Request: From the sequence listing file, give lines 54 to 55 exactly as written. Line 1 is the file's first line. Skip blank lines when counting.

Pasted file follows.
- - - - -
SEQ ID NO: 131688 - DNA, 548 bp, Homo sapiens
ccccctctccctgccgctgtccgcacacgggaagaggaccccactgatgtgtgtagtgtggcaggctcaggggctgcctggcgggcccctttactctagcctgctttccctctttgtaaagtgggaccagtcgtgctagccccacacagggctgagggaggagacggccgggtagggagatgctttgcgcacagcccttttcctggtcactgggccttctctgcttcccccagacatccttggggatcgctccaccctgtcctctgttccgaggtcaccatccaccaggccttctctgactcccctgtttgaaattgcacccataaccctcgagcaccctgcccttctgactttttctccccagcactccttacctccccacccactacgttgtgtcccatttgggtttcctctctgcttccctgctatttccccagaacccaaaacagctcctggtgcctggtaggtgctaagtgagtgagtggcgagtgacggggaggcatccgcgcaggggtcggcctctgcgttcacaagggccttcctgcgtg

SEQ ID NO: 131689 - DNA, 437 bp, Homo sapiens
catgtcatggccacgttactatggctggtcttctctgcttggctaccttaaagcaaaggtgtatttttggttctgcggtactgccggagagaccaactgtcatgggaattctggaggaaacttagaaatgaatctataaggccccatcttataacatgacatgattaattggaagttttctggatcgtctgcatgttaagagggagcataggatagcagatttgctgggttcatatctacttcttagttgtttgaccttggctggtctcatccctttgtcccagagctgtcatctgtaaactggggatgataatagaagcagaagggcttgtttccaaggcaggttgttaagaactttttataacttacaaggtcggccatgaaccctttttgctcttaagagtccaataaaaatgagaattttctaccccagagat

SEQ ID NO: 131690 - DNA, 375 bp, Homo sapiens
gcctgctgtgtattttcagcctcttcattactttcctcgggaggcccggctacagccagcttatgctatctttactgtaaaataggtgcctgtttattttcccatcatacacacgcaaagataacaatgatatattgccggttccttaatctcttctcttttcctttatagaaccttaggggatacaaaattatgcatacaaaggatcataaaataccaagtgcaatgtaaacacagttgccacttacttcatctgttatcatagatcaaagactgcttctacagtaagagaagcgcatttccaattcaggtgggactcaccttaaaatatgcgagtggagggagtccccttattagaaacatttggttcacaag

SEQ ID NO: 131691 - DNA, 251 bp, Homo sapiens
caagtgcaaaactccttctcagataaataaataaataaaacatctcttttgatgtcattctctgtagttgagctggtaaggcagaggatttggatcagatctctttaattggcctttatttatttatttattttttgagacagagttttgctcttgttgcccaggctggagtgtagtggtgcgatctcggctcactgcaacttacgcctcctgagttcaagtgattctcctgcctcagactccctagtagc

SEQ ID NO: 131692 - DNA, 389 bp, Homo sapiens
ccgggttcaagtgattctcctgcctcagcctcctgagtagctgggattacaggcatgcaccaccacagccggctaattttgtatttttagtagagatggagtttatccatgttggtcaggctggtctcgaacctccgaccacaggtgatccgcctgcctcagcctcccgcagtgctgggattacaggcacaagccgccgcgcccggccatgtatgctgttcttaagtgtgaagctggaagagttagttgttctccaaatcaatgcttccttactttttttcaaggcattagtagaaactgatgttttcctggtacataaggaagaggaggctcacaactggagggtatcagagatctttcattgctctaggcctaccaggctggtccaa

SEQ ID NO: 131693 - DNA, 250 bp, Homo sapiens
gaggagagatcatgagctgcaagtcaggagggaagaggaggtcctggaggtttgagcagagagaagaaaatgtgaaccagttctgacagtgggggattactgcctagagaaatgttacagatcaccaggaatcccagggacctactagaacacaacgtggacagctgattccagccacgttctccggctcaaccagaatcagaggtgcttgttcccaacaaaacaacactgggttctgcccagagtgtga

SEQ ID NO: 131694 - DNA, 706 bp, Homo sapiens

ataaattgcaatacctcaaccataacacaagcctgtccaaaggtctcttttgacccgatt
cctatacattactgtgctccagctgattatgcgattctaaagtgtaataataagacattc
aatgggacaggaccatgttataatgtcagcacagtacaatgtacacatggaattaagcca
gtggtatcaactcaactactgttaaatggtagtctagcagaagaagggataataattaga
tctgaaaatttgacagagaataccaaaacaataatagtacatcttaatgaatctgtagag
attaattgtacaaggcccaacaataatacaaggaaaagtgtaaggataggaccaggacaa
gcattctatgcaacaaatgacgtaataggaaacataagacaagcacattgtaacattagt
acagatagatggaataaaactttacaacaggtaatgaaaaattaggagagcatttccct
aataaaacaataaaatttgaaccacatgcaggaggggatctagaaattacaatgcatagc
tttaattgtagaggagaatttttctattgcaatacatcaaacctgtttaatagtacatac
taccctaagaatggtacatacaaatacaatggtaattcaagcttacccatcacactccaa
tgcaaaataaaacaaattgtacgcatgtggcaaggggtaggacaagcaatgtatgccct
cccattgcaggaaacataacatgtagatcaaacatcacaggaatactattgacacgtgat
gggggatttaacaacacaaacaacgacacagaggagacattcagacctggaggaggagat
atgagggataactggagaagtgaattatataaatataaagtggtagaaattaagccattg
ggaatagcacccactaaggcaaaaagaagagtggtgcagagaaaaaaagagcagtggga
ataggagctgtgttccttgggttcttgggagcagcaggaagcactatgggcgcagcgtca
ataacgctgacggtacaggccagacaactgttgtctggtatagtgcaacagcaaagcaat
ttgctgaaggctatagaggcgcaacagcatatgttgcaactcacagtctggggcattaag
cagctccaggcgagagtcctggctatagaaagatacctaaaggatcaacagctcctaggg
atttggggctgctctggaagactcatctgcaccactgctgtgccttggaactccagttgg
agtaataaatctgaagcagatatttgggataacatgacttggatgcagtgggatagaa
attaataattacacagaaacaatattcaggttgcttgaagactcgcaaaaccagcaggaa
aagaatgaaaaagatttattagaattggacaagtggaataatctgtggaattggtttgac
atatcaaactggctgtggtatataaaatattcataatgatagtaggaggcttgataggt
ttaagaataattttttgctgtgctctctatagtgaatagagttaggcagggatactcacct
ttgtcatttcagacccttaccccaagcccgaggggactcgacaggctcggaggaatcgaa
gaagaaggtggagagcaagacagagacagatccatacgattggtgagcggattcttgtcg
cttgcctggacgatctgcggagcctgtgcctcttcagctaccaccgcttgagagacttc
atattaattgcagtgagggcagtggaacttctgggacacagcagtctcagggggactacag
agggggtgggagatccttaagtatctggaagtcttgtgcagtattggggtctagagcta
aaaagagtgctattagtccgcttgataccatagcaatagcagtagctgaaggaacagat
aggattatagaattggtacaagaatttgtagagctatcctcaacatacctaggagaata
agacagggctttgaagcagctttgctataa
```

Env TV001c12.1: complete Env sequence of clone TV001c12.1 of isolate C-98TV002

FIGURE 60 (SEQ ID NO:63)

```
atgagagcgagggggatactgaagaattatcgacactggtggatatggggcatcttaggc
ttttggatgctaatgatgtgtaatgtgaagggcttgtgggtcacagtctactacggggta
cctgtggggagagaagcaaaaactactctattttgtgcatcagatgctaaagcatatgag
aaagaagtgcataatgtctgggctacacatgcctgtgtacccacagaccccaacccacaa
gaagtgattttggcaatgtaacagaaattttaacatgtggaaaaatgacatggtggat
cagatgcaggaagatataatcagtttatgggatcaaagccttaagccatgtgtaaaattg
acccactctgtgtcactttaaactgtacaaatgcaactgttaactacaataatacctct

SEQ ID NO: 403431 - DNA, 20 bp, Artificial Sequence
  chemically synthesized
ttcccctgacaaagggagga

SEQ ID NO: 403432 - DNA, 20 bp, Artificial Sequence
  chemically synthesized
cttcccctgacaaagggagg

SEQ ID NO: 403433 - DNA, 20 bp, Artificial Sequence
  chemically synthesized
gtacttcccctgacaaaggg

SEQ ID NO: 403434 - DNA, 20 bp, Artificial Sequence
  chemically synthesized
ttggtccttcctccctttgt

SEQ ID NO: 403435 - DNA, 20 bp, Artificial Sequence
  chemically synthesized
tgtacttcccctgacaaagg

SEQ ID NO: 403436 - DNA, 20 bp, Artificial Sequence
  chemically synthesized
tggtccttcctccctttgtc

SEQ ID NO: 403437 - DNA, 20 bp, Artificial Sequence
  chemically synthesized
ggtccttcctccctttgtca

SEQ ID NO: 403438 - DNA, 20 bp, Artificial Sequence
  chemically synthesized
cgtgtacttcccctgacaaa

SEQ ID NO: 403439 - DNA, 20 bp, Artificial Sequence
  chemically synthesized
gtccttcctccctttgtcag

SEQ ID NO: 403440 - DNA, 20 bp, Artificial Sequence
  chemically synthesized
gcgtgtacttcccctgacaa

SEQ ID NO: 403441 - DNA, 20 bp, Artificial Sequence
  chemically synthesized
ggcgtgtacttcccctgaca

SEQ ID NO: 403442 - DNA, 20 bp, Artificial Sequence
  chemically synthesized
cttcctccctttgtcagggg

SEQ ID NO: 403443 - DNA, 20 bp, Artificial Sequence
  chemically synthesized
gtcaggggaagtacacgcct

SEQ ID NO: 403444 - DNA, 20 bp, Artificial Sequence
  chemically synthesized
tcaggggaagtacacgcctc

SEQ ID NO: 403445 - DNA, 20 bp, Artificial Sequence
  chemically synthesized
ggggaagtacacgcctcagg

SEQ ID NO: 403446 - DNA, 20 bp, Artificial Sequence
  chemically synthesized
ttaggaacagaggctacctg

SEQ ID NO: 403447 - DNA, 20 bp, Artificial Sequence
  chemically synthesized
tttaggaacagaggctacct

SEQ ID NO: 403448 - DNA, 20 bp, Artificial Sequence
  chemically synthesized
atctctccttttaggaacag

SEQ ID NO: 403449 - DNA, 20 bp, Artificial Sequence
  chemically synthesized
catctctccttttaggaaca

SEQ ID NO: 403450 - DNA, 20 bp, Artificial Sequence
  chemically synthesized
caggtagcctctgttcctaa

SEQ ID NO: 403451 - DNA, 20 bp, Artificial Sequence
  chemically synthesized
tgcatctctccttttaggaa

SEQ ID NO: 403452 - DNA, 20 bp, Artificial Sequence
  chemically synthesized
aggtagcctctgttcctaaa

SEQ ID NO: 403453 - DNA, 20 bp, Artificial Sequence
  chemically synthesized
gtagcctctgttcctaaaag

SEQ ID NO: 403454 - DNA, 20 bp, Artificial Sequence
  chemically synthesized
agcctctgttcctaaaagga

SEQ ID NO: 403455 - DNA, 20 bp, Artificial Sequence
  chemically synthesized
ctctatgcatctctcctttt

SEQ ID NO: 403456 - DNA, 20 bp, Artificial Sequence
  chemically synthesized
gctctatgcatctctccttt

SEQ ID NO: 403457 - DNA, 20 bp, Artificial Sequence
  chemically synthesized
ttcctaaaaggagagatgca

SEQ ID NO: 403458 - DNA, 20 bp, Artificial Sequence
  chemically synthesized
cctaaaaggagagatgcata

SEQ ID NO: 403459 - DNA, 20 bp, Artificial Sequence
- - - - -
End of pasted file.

cctgtggggagagaagcaaaaactactctattttgtgcatcagatgctaaagcatatgag
aaagaagtgcataatgtctgggctacacatgcctgtgtacccacagaccccaacccacaa